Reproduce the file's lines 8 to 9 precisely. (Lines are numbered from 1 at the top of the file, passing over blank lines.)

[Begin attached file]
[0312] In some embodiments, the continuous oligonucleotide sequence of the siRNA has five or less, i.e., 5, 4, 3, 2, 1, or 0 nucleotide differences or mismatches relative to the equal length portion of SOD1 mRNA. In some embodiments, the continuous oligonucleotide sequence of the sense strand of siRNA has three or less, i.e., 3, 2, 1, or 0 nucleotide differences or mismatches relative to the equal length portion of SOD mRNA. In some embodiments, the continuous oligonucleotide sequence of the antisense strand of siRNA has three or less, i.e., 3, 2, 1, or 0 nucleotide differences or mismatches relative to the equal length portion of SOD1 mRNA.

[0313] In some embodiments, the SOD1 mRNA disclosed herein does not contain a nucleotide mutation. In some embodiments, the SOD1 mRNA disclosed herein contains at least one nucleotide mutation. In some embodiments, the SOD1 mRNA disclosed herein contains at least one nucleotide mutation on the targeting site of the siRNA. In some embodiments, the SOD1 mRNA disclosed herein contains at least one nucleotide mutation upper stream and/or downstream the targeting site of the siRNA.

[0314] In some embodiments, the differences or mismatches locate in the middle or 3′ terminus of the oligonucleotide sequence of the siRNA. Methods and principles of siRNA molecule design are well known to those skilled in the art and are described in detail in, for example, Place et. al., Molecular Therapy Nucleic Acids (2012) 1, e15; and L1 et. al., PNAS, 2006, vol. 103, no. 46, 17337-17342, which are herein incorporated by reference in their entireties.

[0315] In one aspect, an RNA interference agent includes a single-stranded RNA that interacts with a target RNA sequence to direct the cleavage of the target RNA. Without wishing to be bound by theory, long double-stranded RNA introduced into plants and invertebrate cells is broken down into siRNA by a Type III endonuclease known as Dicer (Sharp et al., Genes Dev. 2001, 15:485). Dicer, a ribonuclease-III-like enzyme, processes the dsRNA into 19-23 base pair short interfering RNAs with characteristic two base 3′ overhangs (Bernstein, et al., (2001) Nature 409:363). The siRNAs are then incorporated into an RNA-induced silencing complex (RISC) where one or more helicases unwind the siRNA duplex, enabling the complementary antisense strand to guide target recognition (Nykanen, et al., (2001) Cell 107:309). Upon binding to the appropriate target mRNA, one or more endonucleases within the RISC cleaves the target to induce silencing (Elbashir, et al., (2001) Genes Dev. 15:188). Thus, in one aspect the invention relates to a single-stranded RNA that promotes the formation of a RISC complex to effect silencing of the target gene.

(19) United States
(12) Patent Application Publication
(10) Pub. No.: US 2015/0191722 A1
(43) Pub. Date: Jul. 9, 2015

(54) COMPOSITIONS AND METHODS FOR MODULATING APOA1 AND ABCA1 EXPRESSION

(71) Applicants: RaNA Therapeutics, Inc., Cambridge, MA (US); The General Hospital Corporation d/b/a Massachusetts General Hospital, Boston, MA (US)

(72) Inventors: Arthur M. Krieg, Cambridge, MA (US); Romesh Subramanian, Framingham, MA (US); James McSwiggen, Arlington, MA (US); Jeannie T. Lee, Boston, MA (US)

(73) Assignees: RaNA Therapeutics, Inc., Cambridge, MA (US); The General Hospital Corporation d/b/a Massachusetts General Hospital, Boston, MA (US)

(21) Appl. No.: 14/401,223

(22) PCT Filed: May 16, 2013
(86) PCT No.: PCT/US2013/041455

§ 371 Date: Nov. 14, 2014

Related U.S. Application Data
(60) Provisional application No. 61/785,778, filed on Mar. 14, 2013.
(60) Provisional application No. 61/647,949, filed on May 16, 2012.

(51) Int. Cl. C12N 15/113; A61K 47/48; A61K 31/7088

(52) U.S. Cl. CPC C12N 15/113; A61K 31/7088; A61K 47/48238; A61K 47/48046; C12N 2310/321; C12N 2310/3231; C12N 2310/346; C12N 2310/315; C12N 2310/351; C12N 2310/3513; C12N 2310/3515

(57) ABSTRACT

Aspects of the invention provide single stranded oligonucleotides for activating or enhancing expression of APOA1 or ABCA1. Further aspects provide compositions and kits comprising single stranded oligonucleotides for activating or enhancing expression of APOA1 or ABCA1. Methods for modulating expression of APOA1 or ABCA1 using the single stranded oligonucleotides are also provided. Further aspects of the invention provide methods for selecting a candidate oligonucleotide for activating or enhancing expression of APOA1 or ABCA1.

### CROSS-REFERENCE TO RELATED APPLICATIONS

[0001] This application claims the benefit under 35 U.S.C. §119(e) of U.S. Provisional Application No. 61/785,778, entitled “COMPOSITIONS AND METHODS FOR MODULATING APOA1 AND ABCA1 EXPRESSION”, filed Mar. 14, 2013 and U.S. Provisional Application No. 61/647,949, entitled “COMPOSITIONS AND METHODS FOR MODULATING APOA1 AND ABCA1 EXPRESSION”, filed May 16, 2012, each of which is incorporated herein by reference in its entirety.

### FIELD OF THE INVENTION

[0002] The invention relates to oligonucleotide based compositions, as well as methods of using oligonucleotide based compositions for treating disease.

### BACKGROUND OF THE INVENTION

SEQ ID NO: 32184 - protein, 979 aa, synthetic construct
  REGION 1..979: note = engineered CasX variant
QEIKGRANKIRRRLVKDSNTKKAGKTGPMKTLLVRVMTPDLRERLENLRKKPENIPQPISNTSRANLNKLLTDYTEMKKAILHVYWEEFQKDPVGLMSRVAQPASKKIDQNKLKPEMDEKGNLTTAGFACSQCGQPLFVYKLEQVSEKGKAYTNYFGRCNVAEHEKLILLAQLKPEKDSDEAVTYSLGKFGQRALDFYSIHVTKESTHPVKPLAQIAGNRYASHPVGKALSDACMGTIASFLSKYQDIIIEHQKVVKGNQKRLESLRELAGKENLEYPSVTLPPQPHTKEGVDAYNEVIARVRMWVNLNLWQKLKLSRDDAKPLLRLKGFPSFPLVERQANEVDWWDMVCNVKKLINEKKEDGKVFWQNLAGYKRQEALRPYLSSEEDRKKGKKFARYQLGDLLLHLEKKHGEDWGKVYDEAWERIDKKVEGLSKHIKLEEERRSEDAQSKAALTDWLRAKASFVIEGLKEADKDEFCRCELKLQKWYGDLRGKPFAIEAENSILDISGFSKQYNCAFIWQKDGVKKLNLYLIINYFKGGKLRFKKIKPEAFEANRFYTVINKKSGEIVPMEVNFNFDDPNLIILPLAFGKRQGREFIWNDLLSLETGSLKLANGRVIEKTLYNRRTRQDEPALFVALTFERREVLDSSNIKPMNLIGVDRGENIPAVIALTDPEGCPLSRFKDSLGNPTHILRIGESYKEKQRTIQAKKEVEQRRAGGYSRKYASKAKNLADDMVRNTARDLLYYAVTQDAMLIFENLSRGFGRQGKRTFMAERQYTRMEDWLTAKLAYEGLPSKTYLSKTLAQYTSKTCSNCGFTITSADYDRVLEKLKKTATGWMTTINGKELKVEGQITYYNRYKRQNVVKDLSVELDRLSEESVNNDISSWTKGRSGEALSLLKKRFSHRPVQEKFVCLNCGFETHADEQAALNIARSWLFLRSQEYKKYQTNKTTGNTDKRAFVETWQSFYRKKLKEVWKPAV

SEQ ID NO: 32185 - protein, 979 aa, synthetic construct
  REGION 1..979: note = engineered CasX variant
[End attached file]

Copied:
(43) Pub. Date: Jul. 9, 2015

(54) COMPOSITIONS AND METHODS FOR MODULATING APOA1 AND ABCA1 EXPRESSION